The Association of Ramaytush Ohlone (ARO) represents the interests of the original peoples of the San Francisco Peninsula. The purposes of the ARO align with our ancestral responsibilities to care for Mother Earth and to care for the people who reside in our ancestral homeland. The ARO partners with other organizations and agencies to pursue its objectives:
- the rematriation of our ancestral homeland
- cultural revitalization, including language
- research, consultation, and education to ensure accuracy in public culture and history
- ecological restoration
- community service
Objectives Project Areas
1. Land Rematriation
Rematriation, as opposed to repatriation, refers to the giving back of the earth to our Earth Mother, or, more specifically, to the original stewards who embrace the traditional practice of listening to our Earth Mother for instruction. From our Earth Mother we receive two basic responsibilities: the care for the earth and to care for people (i.e., the residents who live in our traditional territory) in the same way that Mother Earth has for millenia.
2. Cultural Revitalization
The near total genocide of our ancestors was accompanied by a cultural genocide as well—to date we have very little left our culture and language, and so one of our primary goals is to reanimate our traditions and to establish new traditions in our homeland.
3. Research, Consultation, and Education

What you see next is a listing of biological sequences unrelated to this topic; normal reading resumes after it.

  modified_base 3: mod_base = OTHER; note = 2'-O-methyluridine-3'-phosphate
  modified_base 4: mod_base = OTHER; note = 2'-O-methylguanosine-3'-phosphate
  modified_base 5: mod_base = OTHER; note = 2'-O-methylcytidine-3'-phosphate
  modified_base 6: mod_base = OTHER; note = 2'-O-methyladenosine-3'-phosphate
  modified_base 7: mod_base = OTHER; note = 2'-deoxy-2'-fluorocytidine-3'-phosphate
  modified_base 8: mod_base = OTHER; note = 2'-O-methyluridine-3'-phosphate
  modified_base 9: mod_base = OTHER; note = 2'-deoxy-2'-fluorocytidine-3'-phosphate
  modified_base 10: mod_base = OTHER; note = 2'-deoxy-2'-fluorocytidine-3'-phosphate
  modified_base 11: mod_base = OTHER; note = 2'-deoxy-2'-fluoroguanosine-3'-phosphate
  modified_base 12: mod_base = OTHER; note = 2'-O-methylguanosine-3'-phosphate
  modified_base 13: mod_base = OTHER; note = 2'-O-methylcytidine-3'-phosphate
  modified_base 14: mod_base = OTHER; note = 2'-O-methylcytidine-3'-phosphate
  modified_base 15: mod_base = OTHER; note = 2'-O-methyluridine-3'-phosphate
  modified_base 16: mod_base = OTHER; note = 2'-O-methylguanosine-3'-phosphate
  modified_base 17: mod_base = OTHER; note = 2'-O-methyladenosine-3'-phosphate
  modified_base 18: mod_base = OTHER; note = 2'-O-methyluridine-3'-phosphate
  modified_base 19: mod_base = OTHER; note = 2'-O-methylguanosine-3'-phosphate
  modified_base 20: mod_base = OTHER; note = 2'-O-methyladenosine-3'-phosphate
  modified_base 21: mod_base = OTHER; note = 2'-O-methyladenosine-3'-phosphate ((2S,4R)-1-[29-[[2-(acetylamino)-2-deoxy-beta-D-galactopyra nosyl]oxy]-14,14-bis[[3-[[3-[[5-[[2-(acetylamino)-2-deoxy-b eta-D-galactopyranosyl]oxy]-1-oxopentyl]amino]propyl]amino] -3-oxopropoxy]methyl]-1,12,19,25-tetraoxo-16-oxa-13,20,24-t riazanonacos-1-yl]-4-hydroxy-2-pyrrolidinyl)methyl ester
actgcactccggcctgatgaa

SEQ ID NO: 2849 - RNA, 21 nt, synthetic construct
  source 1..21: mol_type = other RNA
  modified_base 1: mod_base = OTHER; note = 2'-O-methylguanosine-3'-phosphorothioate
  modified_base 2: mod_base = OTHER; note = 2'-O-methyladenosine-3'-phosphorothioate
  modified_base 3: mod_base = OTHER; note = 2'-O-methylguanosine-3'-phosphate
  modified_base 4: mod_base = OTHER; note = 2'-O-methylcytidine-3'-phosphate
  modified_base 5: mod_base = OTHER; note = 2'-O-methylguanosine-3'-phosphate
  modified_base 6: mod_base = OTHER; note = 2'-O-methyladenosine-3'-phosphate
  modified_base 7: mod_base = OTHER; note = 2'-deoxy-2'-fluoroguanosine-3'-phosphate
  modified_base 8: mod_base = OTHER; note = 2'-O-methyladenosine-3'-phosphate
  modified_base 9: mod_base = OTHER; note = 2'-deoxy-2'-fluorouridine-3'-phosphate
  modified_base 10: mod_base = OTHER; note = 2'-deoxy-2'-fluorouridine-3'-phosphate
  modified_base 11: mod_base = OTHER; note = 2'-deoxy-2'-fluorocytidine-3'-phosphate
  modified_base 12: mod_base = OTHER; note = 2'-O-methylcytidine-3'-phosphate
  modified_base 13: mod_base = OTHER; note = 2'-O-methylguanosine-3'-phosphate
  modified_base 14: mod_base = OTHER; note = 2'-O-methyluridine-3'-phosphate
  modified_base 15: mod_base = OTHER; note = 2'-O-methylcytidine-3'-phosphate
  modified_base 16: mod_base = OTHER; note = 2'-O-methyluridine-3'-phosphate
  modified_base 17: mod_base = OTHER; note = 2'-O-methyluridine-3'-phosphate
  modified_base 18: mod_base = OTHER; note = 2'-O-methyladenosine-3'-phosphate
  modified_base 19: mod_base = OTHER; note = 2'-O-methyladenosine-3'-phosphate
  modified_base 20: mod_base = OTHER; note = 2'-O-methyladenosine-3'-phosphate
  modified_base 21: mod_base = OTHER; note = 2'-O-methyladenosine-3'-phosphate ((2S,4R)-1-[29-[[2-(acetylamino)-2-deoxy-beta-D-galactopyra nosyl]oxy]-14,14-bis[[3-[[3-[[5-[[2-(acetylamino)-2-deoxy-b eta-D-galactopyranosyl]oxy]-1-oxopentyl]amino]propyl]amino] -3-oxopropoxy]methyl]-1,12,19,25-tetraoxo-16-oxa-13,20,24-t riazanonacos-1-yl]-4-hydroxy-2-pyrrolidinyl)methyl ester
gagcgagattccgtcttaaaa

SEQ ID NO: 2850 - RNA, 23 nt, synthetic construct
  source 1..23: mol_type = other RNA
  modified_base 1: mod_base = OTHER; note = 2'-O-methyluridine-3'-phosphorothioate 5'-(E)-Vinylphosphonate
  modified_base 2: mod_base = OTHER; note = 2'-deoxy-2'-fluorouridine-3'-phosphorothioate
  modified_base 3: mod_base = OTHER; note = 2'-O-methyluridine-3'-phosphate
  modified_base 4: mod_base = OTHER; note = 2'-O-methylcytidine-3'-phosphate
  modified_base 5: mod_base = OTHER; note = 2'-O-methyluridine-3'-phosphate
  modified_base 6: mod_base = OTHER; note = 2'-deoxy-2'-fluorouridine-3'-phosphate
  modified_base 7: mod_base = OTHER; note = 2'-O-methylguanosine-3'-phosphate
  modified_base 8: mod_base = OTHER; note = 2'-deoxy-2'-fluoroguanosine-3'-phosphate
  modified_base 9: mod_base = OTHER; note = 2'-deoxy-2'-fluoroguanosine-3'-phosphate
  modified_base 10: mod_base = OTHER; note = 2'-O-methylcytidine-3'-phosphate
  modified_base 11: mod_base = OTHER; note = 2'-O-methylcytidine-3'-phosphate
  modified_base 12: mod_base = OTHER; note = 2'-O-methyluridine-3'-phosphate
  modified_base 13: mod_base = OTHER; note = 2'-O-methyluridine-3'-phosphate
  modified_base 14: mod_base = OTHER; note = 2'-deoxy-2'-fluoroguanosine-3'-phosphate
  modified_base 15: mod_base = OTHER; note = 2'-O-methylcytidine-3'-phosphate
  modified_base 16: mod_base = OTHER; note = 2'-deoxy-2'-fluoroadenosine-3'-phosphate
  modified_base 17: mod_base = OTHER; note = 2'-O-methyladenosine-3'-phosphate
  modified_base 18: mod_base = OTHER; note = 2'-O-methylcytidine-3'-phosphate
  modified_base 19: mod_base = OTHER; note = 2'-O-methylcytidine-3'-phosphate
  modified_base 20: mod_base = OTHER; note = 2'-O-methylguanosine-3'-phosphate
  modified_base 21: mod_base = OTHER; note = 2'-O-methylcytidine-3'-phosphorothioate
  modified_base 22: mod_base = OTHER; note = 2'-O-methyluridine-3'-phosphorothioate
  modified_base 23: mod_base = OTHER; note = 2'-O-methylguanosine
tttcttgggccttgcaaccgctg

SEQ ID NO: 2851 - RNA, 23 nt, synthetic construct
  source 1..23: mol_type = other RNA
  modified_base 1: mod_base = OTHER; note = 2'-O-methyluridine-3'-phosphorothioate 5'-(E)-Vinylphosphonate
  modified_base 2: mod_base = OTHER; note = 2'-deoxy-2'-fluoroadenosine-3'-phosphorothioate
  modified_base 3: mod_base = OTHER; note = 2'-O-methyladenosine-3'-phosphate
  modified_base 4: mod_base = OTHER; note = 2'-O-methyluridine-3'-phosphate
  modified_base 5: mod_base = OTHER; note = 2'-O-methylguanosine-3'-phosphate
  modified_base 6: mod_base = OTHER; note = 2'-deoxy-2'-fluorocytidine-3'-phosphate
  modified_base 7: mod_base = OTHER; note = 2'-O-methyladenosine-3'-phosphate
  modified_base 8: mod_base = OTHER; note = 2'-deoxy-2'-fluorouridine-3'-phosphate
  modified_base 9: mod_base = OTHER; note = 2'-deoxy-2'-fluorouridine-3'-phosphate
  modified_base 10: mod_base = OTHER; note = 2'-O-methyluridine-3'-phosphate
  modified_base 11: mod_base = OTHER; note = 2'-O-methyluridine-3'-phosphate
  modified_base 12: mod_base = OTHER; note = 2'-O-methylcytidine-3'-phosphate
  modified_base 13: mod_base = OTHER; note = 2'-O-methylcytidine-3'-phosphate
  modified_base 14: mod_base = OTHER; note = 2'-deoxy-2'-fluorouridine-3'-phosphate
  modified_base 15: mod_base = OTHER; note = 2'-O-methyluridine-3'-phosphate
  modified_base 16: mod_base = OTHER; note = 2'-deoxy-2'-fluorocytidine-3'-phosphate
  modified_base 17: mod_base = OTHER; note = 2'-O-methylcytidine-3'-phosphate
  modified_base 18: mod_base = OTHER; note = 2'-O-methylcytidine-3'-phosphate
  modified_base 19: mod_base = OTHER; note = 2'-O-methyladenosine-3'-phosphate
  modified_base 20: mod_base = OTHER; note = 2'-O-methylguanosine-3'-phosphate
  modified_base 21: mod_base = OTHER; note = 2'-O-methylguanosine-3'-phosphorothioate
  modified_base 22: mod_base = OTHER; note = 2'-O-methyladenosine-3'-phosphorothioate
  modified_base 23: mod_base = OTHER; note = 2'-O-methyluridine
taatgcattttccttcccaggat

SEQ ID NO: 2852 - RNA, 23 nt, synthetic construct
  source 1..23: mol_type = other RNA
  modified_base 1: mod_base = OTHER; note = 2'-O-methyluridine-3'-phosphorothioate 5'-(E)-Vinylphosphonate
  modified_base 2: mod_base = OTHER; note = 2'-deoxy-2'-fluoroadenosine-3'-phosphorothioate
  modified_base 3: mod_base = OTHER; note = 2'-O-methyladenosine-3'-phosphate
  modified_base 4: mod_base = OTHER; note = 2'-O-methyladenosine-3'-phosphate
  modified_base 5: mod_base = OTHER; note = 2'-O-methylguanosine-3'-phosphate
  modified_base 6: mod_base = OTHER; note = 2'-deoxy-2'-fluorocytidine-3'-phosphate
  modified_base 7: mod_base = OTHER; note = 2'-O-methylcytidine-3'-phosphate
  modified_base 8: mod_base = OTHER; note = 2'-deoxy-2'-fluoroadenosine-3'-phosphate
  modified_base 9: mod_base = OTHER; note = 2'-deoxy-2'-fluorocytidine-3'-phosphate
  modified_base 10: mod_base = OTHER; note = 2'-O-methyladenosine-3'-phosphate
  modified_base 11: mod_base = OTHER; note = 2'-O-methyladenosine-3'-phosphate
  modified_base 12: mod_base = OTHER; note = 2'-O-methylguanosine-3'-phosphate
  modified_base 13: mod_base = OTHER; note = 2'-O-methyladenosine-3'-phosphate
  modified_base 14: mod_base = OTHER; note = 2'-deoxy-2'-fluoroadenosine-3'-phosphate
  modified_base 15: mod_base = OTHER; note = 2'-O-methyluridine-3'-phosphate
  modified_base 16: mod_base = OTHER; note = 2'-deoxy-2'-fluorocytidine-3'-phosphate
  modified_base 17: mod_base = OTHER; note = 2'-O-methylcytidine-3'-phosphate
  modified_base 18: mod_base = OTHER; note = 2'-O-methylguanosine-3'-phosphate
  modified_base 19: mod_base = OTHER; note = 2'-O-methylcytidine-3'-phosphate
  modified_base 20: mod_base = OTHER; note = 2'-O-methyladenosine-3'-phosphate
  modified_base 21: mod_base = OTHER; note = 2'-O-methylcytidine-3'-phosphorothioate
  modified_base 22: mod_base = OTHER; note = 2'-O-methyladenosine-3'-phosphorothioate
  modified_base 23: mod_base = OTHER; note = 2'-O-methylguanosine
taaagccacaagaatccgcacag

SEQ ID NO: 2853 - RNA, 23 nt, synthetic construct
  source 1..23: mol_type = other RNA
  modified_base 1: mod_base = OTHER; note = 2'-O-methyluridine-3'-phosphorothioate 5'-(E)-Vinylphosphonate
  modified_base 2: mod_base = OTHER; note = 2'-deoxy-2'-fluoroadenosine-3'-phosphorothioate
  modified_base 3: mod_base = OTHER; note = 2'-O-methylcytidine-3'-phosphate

The ARO has and will continue to produce publicly available research on California Indian history and culture, including scholarship on Ramaytush and Ohlone peoples. The ARO continues to consult with other entities on interpretive projects involving Native peoples. In addition, the ARO participates in public education at a number of levels, from the development of curriculum to the offering public presentations. In our ecological work, we will partner with practitioners from area universities such as UCSF, to advance the understanding of climate health and resiliency.
4. Ecological Restoration
Our responsibility to care for Mother Earth can be captured in the contemporary language of ecological restoration, which includes protection and preservation. Because the ARO lacks the resources and human power to accomplish its ecological restoration goals, we partner with other organizations on restoration projects. We seek to reforest our homelands and reintroduce fire-resistant native grasses, blending the best of traditional ecological knowledge with what our settler partners have to offer from ecological sciences. Moving away from cow-centered carbon cycling models to ones that privilege the more complex web of life in forest ecologies and biodiverse soil, we seek to show how Indigenous practices of land management are critical in addressing climate collapse. Given the recent explosion of wildfires, this timing of this work is urgent.
5. Community Service
Our responsibility to care for the people who reside in our ancestral homeland manifests in a variety of ways, from providing services for Indigenous and other marginalized communities to advocacy at the highest levels of government.